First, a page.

Due to the high permittivity and thin thickness of the substrate, a high quality factor of the antenna is obtained. Thus the input matching bandwidth is narrow, only ranging from 0.85% to 1.1% [11]. In order to improve the bandwidth of the antenna, a pair of symmetric meander slots is etched on the patch, and hence two new resonance modes TM20 and TM30 are created [12]. With the proper dimension of slots, the frequency of TM20 and TM30 is adjacent, so the input matching bandwidth can be broadened. Besides, and are the length and width of the slot, respectively, which are obtained by sweeping parameters with the CST Microwave Studio, a popular full-wave simulator. The feed line for the antenna is with an impedance of 100 Ω and is the width of the feed line. The optimized parameters values are listed in Table 1.


ParameterValue (mm)

5.27
0.59
1.80
0.18
0.17

2.2. Design of the Antenna Array

The configuration of the HTS antenna array is shown in Figure 2, which consists of 16 antenna elements designed in the previous section. The array is fed by a three-level T-network with quarter-wave impedance transformers. As shown in Figure 2, the impedance of the feed line for antenna elements is 100 Ω, and the shunt impedance of two feed lines is 50 Ω. Hence, the transformer’s impedance is set to 70 Ω [13].

The parameters and are the separated distances between antenna elements along - and -axes. With consideration of the mutual coupling between antenna elements and dimension of the array, and are set to 17.5 mm, and the size of the array is . Using CST, the HTS antenna array is simulated. The directivity and gain of the antenna at 5.8 GHz are 11.54 dBi and 10.87 dB, respectively. The radiation efficiency reaches 85.7%.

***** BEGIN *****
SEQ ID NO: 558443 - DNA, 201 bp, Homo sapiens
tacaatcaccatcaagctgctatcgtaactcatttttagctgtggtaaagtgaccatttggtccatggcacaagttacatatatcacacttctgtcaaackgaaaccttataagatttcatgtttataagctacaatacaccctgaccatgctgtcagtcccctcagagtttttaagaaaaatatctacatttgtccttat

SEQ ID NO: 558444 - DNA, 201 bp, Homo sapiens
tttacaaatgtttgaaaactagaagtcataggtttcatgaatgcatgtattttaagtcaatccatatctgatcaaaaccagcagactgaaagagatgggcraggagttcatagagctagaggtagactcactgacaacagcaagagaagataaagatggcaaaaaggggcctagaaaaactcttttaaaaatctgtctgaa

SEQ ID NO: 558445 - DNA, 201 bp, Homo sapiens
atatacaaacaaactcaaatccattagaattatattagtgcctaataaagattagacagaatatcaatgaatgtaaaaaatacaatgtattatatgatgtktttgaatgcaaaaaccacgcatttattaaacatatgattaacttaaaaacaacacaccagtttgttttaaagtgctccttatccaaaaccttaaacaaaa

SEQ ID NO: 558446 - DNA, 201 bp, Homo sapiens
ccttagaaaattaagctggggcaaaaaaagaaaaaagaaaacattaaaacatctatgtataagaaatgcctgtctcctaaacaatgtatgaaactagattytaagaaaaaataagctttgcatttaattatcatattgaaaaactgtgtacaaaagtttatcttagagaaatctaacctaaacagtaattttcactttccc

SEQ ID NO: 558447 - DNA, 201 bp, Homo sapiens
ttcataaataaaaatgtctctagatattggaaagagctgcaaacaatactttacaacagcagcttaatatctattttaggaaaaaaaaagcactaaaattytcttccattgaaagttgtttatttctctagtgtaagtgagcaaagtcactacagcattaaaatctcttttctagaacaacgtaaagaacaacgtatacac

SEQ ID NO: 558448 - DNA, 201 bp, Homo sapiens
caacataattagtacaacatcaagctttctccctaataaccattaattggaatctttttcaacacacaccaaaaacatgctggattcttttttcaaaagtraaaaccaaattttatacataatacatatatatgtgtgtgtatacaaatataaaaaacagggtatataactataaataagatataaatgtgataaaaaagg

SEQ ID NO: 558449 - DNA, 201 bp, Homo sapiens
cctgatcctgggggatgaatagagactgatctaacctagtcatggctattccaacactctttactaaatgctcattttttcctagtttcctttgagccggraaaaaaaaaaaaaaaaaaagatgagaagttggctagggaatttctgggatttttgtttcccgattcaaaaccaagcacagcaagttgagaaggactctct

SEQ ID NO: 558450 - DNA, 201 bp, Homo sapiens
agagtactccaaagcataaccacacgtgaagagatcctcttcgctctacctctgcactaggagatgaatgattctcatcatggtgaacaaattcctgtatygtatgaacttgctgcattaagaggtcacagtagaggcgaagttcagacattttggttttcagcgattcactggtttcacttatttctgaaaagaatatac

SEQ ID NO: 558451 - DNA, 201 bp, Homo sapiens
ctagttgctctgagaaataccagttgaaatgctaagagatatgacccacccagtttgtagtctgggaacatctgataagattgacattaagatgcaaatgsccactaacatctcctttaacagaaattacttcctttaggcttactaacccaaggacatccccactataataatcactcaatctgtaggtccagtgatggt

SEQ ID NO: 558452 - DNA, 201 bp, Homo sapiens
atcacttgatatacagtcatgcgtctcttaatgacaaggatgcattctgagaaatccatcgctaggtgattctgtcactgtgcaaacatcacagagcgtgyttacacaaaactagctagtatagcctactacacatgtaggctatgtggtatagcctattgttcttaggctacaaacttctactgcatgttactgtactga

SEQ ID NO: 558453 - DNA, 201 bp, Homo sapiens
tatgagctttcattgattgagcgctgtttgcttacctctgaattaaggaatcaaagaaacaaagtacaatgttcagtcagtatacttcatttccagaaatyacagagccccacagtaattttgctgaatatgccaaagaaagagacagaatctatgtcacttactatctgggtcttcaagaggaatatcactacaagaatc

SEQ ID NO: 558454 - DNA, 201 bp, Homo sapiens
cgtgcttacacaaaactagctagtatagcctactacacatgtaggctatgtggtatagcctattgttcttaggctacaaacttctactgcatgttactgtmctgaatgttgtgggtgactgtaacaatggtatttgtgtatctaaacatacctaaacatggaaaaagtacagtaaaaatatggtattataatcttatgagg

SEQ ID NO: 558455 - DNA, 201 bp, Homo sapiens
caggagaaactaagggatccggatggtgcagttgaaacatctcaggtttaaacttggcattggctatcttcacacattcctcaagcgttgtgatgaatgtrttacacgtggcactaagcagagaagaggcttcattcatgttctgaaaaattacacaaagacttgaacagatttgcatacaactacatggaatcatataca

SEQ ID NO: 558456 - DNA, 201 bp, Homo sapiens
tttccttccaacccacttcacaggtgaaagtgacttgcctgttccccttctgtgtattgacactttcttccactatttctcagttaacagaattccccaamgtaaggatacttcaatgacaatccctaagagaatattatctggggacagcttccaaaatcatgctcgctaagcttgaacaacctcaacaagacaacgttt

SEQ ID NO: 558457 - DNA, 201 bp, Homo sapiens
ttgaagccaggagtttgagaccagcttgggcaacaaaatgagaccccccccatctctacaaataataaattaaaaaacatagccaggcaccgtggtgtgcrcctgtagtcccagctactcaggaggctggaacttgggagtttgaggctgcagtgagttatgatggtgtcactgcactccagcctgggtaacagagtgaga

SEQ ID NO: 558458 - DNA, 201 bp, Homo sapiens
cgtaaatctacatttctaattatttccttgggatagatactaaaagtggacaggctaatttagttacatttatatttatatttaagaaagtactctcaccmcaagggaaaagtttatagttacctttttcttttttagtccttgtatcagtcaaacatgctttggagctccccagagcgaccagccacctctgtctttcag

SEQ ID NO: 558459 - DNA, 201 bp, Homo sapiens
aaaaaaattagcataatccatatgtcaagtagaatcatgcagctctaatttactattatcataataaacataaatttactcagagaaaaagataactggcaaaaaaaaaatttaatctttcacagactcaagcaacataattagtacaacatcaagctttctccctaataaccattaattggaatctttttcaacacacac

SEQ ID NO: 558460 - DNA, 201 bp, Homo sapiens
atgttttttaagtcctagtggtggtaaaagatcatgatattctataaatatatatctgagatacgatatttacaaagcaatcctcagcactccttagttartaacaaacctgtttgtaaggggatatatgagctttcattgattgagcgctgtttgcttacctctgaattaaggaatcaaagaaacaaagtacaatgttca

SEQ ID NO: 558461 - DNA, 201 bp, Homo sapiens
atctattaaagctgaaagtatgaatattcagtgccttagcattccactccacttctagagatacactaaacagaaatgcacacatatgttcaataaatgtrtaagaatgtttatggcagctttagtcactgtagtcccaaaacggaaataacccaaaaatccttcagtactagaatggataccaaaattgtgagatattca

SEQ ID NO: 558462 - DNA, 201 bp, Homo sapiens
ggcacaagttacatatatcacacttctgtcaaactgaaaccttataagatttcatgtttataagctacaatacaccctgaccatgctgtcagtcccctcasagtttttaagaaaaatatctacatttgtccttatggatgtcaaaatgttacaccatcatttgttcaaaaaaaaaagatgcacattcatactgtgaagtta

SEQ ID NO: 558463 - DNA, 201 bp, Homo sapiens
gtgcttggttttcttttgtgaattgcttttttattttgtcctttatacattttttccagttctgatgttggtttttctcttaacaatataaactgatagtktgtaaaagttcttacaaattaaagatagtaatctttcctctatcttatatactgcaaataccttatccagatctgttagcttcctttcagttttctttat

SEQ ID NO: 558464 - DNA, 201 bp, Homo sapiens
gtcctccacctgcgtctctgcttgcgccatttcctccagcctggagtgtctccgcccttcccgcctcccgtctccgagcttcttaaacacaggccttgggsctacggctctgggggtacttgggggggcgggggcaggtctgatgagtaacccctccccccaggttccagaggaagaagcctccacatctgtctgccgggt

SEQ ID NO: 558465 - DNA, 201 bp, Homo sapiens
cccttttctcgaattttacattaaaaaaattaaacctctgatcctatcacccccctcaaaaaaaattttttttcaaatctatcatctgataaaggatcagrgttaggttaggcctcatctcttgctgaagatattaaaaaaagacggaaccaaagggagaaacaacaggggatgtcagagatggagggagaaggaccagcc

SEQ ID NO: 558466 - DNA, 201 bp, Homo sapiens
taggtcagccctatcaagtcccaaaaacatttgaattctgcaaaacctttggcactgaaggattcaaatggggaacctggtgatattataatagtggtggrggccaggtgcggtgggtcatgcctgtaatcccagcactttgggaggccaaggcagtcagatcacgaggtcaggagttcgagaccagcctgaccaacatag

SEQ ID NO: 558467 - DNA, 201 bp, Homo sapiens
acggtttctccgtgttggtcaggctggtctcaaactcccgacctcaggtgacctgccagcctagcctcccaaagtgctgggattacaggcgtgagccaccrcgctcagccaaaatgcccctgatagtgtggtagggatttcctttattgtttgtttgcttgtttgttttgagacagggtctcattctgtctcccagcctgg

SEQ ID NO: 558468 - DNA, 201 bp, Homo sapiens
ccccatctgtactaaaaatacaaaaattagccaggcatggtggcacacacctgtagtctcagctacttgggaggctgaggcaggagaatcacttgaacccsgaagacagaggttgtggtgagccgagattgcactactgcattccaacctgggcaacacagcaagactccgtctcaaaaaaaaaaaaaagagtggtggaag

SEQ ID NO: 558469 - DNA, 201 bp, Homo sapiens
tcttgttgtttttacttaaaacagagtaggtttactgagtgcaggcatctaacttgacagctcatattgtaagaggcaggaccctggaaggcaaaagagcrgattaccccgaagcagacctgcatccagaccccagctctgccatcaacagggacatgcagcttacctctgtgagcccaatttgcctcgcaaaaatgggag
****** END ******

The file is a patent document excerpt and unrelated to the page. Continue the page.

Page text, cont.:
2.3. Controllable Cryostat for the HTS Antenna Array

Figure 3 shows the configuration of the cryostat for the HTS antenna array. The main components of the cryostat are a Stirling refrigerator and a stainless-steel cavity. The Stirling refrigerator is used to control the temperature with a computer, while the airtight stainless-steel cavity is used to provide a vacuum for low temperature. The antenna is placed on a supporting tray in the cavity, and a radome with the relative permittivity of 4 is employed as a superstrate for sealing. The cryostat is simple and compact, and thus it is perfect for the HTS antennas.

3. Measurement and Antenna Performance

The designed HTS antenna array is fabricated as shown in Figure 4(a). Figure 4(b) displays the photograph of the cryostat. The input reflection coefficient of the HTS antenna array at the temperature of 80 K is measured by an Agilent E8362B Vector Network Analyzer. In Figure 5, the measured and simulated input reflection coefficients agree well with each other. The measured reflection coefficient is −15 dB at the working frequency of 5.8 GHz and the 10 dB return loss bandwidth is 2.2% ranging from 5.75 GHz to 5.88 GHz.

The radiation performance of the HTS antenna array is measured by a NSI system in the anechoic chamber. The radiation patterns and axial ratio of the HTS antenna array at the frequency of 5.8 GHZ and the temperature of 80 K are shown in Figures 6 and 7, respectively. The beamwidths of the HTS antenna array on and planes are 27° and 30°, respectively, while the simulated beamwidths are 23.7° and 28°. The axial ratio is lower than 4 at broadside.

Moreover, the circularly polarized gain of the HTS antenna array is obtained by where and are the measured gain of the antenna on the horizontal and perpendicular planes, respectively. Figure 8 gives the gains of the HTS antenna array at 5.8 GHz against the temperature from 60 K to 90 K. It is observed that the gain is a constant of 8.39 dB below the temperature of 83 K. While the temperature exceeds 83 K, the gain decreases dramatically.

Furthermore, a traditional conductor antenna array with the same configuration of the HTS one is simulated, fabricated and measured for comparisons. The simulated directivity and gain at 5.8 GHz are 9.92 dBi and 2.10 dB, respectively. The radiation efficiency is 16.5%. Figure 9 shows the radiation patterns of the traditional conductor antenna array. The measured gain is 0.32 dB. In comparison with the traditional antenna array, the proposed array has an 8.07 dB improvement in the gain and a 69.2% enhancement in the radiation efficiency.

4. Conclusion